Rules are a part of life for all of us-children and adults.
We need rules in order for society to function. Rules of safety and values are embedded into our daily lives.
Rules that set limits can help make children safe.
Of course, this is only true if there are responsible adults who follow through and enforce those limits. Children usually know when they are doing something that is dangerous or ethically questionable. When an adult intervenes, the child learns that their immediate world is truly a place that can be trusted.
Through this process of:
- Adults setting limits and expectations
- Children testing those limits
- Adults re-enforcing limits…
…children get to practice and master development stages like impulse control and self-esteem. The process of setting limits also helps children become contributing members of society. Because limits have to do with both safety and values, setting limits and expectations can help develop a conscience in young children.
Adults don’t always like having rules!
As adults, we are often faced with rules we think unfair or unnecessary. Maybe this happens at our jobs, or in the course of our day when we interact with government or private businesses. We don’t always like the rules that we are suppose to follow, and often seek out ways of changing those rules. This can vary from legislative action (when those rules are actually laws) to discussing and proposing alternate solutions. And we may, on occasion, decide to not follow certain rules.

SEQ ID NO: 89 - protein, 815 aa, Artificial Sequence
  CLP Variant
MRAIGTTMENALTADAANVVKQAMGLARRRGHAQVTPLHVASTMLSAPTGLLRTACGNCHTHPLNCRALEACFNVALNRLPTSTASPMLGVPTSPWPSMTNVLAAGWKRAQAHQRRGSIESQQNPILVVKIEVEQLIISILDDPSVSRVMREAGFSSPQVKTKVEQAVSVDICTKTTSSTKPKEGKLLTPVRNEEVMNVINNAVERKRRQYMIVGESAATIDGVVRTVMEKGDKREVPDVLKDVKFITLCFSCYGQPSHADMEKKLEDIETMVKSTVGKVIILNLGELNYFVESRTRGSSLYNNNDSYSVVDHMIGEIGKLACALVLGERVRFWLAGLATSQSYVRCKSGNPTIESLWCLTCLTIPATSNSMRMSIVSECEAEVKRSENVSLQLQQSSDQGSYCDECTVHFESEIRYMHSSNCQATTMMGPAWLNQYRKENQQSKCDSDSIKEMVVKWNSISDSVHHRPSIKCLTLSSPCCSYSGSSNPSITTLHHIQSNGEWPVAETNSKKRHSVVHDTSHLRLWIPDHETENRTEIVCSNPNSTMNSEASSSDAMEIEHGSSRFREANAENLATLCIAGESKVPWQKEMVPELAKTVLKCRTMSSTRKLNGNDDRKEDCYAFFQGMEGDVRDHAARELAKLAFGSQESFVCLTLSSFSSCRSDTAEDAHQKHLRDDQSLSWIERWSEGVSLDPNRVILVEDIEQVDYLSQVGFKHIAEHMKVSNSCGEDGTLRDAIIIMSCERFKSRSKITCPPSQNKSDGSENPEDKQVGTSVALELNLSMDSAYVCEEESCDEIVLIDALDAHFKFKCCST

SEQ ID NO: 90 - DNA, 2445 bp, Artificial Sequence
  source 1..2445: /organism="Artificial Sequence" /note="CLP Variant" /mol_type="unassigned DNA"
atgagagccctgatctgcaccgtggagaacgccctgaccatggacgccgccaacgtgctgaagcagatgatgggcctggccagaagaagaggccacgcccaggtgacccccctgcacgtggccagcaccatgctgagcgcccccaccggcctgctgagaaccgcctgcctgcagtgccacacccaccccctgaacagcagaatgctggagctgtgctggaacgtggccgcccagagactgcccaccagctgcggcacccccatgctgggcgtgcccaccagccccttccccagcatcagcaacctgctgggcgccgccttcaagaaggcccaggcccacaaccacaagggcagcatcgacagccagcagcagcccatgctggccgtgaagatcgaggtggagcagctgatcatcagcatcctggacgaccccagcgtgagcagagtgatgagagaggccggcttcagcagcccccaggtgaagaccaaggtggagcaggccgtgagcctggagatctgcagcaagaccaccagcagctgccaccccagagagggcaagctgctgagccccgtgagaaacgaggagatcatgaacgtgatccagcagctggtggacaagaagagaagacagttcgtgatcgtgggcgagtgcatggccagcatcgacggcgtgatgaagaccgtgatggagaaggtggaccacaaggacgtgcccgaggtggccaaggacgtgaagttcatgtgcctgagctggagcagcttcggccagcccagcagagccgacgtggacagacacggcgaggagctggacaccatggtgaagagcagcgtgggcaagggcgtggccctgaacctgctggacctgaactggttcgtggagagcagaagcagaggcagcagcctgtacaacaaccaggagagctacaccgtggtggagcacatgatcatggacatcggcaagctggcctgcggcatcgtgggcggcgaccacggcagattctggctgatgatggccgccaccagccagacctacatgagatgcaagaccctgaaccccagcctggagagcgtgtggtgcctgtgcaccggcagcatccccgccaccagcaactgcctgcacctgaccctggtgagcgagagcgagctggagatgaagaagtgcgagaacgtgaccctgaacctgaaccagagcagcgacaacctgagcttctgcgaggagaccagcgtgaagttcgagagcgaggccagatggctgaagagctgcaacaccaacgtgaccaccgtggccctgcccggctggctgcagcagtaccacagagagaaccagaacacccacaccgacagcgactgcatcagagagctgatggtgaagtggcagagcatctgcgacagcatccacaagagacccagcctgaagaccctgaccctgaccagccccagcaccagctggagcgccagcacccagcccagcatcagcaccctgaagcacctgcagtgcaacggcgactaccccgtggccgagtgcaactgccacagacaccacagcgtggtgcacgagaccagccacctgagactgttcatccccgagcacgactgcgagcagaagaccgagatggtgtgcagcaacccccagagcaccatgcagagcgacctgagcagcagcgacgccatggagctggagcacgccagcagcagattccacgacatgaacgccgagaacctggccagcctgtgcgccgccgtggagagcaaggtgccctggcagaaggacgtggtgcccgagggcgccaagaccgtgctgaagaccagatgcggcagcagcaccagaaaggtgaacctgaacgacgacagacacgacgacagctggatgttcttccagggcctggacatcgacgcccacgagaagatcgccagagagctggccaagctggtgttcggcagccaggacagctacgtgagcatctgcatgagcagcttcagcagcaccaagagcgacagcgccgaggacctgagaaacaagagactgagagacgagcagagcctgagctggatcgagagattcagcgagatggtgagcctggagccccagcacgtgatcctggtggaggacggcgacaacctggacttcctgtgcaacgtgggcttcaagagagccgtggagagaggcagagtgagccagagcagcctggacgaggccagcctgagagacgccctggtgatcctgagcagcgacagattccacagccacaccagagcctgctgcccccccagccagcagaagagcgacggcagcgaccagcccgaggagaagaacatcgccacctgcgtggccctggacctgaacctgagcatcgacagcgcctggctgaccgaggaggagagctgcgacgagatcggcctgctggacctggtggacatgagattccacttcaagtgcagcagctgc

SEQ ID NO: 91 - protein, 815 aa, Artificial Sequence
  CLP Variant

It should come as no surprise to us that children, just like adults, have a complicated relationship with rules. A child will feel a similar sense of frustration to an adult when confronted with a rule they think is unfair. But as adults, we have more knowledge (and savvy) about negotiating rules.
Negotiating about rules is a learned skill. Therefore, when teaching children the importance of setting and following limits, we must also teach how to discuss and change rules. This will be different depending on the age and maturity level of your child, but it’s important to remember that rules can and sometimes should be changed, as circumstances change.
Being flexible about rules doesn’t mean being wishy-washy.
Having no rules, or allowing children to pick and choose which rules they follow, is not the goal. Rather, try to use a process in which you revisit rules and allow your children to be part of the process of designing and re-negotiating those rules-when ever possible.
For instance, imagine that your child’s response to a rule is-“that’s not fair!” Instead of responding,
“Life’s not fair: it’s a rule, just do it,” you can say,
“Well, here is why [not following that rule] would be a problem for me. If you can think of a way to avoid that problem, then maybe we can figure out a new rule.”
It’s also important to remember that children do, in fact, like following rules! Now, that doesn’t mean they won’t whine and protest-but the sense of mastery and esteem they feel when they follow a rule is very real.
© Parent Trust for Washington Children